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Before we get into what I learned in Nigeria, here’s who I learned most of it from— The best way to learn about a foreign place is to get to know locals, and I got lucky in Nigeria.

Femi and his siblings speak fluent English but with such a different accent to mine that sometimes when they’d speak, I wouldn’t be sure if they were speaking their Nigerian language (Yoruba) to each other, or English to me, and I’d have a little panic while trying to figure it out.

At Femi’s apartment, we turned on the TV to see a popular comedy duo on stage doing a show. Which means it happened over 100 times just in my visit.

Combine that with one of the world’s highest fertility rates (5.25 children born/woman), and you have a rapidly growing population.

Currently #7 on the country population list, by 2050 Nigeria is projected to have 440 million people and have leapfrogged up to #3 on the list, behind only India and China: But it’s not a simple situation.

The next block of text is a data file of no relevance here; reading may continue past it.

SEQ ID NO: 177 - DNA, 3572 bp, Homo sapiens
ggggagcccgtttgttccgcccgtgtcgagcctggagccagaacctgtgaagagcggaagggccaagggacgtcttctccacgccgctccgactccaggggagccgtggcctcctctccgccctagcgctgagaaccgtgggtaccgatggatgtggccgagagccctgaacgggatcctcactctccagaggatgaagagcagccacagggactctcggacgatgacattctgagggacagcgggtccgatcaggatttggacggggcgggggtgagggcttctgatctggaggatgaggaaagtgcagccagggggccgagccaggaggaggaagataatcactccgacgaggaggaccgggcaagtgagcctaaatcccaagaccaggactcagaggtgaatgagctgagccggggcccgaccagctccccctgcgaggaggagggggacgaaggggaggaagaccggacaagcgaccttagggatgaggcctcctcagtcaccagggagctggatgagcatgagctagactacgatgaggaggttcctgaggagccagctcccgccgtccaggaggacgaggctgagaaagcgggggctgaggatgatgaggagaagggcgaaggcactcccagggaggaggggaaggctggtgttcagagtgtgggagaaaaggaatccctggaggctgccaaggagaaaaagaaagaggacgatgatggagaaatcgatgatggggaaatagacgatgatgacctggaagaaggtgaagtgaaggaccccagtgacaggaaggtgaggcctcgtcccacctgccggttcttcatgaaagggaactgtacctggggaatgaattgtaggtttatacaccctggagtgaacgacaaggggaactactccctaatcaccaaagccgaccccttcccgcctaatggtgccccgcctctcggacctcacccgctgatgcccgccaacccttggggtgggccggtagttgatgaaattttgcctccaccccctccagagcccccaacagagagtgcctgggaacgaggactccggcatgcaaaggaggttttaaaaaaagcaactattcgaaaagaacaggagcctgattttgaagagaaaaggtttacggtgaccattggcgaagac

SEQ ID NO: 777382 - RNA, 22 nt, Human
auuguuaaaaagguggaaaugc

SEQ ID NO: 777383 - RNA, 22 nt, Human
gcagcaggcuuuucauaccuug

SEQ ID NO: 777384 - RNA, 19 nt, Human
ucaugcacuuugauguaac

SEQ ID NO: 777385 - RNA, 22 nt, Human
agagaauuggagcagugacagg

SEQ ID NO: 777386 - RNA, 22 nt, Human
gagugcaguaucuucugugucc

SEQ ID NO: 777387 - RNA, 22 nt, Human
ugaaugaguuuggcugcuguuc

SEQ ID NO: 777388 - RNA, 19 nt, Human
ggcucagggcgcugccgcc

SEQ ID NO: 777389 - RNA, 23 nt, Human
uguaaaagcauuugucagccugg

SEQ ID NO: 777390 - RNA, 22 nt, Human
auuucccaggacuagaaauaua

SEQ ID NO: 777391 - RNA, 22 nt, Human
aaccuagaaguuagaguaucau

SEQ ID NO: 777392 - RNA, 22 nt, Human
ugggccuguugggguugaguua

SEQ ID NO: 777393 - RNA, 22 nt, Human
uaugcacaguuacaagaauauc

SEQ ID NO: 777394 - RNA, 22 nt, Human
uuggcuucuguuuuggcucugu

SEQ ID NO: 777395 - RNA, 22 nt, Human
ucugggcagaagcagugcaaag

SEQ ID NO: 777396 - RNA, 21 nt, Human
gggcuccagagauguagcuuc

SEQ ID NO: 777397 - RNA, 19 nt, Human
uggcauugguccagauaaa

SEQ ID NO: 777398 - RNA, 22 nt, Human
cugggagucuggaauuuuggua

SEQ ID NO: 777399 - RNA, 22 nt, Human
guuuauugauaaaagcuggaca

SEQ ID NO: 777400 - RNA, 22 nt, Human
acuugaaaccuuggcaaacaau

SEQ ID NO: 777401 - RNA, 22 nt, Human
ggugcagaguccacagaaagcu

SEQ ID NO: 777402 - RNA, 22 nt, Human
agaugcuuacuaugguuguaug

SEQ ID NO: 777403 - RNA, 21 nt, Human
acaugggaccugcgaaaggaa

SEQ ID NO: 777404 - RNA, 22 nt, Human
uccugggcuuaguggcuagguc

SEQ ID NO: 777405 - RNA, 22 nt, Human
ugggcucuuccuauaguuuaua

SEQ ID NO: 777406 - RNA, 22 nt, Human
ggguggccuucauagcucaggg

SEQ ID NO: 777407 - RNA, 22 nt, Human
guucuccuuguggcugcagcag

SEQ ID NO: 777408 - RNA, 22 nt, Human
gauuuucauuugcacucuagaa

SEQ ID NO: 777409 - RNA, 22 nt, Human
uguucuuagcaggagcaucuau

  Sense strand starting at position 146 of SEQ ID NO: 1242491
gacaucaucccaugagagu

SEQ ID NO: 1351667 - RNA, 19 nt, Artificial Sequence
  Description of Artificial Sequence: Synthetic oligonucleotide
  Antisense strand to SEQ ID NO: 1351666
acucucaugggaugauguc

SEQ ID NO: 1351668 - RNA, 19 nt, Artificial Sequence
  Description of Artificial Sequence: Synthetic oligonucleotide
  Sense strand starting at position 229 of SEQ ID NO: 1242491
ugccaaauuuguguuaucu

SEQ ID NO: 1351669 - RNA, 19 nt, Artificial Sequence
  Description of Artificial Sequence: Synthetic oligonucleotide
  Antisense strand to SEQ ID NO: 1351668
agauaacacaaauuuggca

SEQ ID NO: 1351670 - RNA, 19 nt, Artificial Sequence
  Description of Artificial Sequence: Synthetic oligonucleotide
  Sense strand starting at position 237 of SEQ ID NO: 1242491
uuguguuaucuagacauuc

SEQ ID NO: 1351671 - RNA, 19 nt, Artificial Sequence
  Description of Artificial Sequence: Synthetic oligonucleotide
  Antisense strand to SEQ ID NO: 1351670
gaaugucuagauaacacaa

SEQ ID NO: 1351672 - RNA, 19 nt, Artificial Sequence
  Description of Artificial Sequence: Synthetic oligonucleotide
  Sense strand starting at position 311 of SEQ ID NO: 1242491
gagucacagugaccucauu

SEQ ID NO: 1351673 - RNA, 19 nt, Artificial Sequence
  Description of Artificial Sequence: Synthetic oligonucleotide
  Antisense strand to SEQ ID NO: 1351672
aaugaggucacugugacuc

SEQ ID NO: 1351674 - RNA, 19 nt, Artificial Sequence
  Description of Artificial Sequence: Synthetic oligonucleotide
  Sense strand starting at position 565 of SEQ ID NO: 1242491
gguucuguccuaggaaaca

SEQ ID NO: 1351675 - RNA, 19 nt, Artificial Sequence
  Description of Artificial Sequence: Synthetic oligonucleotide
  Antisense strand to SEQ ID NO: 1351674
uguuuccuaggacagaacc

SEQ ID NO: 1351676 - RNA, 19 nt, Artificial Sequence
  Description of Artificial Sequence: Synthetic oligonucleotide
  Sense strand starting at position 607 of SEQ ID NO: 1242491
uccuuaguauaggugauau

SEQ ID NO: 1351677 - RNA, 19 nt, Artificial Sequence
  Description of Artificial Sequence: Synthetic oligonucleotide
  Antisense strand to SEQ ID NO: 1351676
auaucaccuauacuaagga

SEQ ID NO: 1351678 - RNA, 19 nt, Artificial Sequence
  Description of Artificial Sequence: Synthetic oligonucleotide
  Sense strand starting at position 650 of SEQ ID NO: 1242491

This turned into Femi taking me under his wing for almost the entire trip, showing me around Lagos, having me over to his apartment, sending me with his brothers to stay for half a week with their mom at their childhood home, introducing me to a bunch of other locals, and answering my roughly 12,000 questions about life in Nigeria. I stayed with different members of the family during the trip and got to know a few of them pretty well—it’s a mom and her nine kids, who range from the ages of nine Being a nine-year-old boy sucks.

John is the nine-year-old and youngest child in Femi’s family.

There’s not really a more jarring travel experience than spending two weeks getting used to being in Japan and then going immediately to Nigeria.